During this year I shall be posting photographs from places around the UK, many of which have not been published before. Where I have previously blogged about a location I will provide a link to the post, though you won’t be able to comment on it as I restrict comments to six months.
T is for Truro
Truro is the only city in Cornwall and the centre is, by city standards, quite a small one. Bodmin is still the county town and St Austell is the largest. For locals, Truro is the place you come to shop, study or have a good night out (and, rather less appealingly, to go to hospital). However, the city employs more people than other towns, with the major employers being the Royal Cornwall Hospital, Truro College and Cornwall Council so it is very busy.
Look out for the leats along the streets; locally known as kennels, these Victorian channels that once kept the streets clean and the horses watered. There are some attractive Georgian buildings and some cobbled streets, but the layout of the city is very confusing.
Truro cathedral (the Cathedral of the Blessed Virgin Mary) has one of the tallest spires of any church the UK. It is largely Victorian and Edwardian and was built after Truro had already gained city status in 1877.
Back in the past Truro was a market town and port and then became one of Cornwall’s five stannary towns, where copper and tin were brought to be assayed.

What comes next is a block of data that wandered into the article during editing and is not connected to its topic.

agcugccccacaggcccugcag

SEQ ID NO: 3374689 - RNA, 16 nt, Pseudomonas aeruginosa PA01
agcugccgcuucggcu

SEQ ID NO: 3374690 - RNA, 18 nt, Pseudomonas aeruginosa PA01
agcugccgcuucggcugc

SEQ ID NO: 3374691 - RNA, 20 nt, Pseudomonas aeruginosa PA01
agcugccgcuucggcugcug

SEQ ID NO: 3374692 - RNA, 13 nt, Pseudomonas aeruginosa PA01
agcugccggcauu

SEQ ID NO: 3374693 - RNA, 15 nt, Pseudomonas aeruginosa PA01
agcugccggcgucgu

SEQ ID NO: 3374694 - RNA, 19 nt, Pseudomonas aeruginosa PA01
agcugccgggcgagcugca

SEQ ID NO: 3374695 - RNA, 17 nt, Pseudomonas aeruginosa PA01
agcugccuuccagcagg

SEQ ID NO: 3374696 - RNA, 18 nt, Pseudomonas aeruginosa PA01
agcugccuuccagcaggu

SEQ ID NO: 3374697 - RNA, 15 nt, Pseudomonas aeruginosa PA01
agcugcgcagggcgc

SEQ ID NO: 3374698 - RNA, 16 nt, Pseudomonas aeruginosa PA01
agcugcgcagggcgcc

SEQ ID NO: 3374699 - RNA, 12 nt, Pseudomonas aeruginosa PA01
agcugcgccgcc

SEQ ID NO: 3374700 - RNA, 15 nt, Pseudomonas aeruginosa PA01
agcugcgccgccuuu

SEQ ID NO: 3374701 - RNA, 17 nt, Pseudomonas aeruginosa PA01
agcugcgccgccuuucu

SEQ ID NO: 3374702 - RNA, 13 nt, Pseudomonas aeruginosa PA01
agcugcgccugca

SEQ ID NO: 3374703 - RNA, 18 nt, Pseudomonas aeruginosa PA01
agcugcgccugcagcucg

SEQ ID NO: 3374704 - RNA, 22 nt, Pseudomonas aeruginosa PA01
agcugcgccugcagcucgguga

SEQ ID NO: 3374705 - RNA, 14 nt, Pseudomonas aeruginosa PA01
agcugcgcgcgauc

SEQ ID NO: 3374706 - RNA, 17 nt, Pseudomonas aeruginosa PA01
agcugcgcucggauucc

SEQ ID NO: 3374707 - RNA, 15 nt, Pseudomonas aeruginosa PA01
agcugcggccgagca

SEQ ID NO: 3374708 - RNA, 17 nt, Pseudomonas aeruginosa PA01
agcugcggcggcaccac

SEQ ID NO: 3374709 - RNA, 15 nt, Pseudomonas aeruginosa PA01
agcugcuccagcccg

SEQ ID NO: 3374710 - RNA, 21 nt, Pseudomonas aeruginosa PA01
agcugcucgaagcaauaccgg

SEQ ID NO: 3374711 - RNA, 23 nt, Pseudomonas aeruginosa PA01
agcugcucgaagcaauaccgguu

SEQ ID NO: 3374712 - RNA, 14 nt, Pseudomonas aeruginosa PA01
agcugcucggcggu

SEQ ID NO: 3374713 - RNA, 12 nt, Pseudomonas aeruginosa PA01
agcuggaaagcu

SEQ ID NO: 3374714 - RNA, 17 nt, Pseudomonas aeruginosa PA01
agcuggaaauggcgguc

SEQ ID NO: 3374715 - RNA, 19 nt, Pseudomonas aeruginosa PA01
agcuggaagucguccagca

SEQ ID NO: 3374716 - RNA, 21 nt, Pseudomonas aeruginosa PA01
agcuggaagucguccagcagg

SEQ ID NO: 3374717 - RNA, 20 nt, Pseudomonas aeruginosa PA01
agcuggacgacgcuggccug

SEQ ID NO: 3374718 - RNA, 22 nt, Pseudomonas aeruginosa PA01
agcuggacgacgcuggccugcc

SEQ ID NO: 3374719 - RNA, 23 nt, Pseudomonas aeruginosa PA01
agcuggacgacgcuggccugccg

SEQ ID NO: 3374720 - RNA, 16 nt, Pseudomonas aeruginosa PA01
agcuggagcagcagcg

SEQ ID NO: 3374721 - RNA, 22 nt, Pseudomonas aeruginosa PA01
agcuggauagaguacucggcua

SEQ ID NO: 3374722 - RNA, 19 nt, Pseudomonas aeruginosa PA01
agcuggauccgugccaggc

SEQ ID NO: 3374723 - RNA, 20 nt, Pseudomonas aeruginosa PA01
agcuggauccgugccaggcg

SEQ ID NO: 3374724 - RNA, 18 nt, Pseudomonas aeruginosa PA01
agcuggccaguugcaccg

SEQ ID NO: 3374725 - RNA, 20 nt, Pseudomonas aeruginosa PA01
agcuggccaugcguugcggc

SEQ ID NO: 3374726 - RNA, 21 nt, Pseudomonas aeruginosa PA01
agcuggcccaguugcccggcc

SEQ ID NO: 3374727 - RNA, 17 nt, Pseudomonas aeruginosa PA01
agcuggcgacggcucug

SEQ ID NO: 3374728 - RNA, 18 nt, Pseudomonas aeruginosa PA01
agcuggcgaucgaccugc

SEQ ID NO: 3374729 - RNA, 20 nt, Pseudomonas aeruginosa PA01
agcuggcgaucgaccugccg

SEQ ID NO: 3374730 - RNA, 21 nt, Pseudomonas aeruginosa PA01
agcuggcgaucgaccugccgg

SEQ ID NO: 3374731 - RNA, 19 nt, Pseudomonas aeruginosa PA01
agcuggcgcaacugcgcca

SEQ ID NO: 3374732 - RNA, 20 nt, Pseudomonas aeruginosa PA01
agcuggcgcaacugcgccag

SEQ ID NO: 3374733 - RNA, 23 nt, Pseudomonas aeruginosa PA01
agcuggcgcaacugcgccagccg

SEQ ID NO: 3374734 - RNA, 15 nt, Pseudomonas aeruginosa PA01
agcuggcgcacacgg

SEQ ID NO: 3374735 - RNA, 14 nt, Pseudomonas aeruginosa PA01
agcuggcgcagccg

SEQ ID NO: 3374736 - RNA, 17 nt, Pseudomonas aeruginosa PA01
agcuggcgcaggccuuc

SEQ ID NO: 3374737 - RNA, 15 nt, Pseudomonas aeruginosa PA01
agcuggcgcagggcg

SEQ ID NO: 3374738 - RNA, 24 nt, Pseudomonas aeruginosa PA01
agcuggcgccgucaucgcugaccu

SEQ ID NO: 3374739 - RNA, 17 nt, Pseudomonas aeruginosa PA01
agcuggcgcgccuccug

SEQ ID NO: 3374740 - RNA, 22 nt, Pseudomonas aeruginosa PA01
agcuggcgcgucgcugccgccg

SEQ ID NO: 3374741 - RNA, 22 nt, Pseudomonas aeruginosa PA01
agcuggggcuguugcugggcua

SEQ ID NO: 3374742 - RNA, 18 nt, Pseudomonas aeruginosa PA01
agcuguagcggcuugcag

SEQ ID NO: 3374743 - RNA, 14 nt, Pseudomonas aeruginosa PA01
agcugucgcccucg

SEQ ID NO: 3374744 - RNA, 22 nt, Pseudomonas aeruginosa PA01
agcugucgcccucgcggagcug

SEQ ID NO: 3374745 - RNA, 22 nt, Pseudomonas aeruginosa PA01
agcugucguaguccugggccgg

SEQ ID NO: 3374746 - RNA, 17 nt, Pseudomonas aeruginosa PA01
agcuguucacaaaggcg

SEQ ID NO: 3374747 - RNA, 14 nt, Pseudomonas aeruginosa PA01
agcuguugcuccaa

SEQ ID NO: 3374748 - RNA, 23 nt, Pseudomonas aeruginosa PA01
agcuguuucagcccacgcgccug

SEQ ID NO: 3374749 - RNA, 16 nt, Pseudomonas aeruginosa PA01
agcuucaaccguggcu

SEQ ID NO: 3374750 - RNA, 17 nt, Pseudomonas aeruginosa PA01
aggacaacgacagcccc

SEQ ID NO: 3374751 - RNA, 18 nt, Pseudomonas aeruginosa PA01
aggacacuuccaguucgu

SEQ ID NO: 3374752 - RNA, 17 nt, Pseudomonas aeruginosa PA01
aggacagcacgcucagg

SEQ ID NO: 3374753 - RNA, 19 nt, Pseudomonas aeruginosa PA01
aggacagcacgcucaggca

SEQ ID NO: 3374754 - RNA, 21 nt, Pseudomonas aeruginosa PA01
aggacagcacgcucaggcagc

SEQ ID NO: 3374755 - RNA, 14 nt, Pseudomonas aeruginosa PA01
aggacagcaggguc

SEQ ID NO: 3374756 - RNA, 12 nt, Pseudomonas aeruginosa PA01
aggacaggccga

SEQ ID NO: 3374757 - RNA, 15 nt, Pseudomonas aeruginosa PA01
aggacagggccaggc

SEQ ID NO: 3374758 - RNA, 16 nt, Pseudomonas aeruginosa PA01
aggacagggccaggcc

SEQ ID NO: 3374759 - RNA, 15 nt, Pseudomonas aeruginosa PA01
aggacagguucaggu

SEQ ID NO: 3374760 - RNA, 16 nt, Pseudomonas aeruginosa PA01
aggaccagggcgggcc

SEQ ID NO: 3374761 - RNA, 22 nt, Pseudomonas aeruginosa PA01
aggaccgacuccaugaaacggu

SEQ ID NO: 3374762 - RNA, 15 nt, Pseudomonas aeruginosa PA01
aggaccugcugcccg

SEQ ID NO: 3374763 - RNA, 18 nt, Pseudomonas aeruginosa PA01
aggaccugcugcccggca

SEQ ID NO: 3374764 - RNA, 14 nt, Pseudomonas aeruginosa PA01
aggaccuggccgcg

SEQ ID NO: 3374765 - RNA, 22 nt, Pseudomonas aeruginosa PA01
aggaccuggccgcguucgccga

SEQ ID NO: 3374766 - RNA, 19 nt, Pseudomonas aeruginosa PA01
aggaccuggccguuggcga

In spite of its early history, few very pre-18th-century buildings remain today, and most of the town centre dates from Truro’s Georgian, Regency and Victorian heydays. Lemon Street in particular has some very fine Georgian houses.
And one of the most puzzling streets I came across is Walsingham Place, a curious curved late Georgian terrace with lions. Apparently it began life as Caribee Island, a very boggy place; the name is thought to derive from the Caribbean, due to the large number of slave ships docking in Truro’s port. It wasn’t until the 1800s after Lemon Street was completed that Walsingham Place was constructed.
In 1851 it was reported that Walsingham Place was home to clerks, a wheelwright, butcher, wine and spirit merchant, ironmonger, fancy chair maker, English teacher, and the wife and family of an Inland Revenue officer called Mugford. Gradually the private residences changed to business premises, with the last domestic dweller thought to have moved out around ten years ago.
And the lions? Well they were added in 1960 by architect John Crowther, but I have no idea why.
For a more detailed walk around Truro please click here.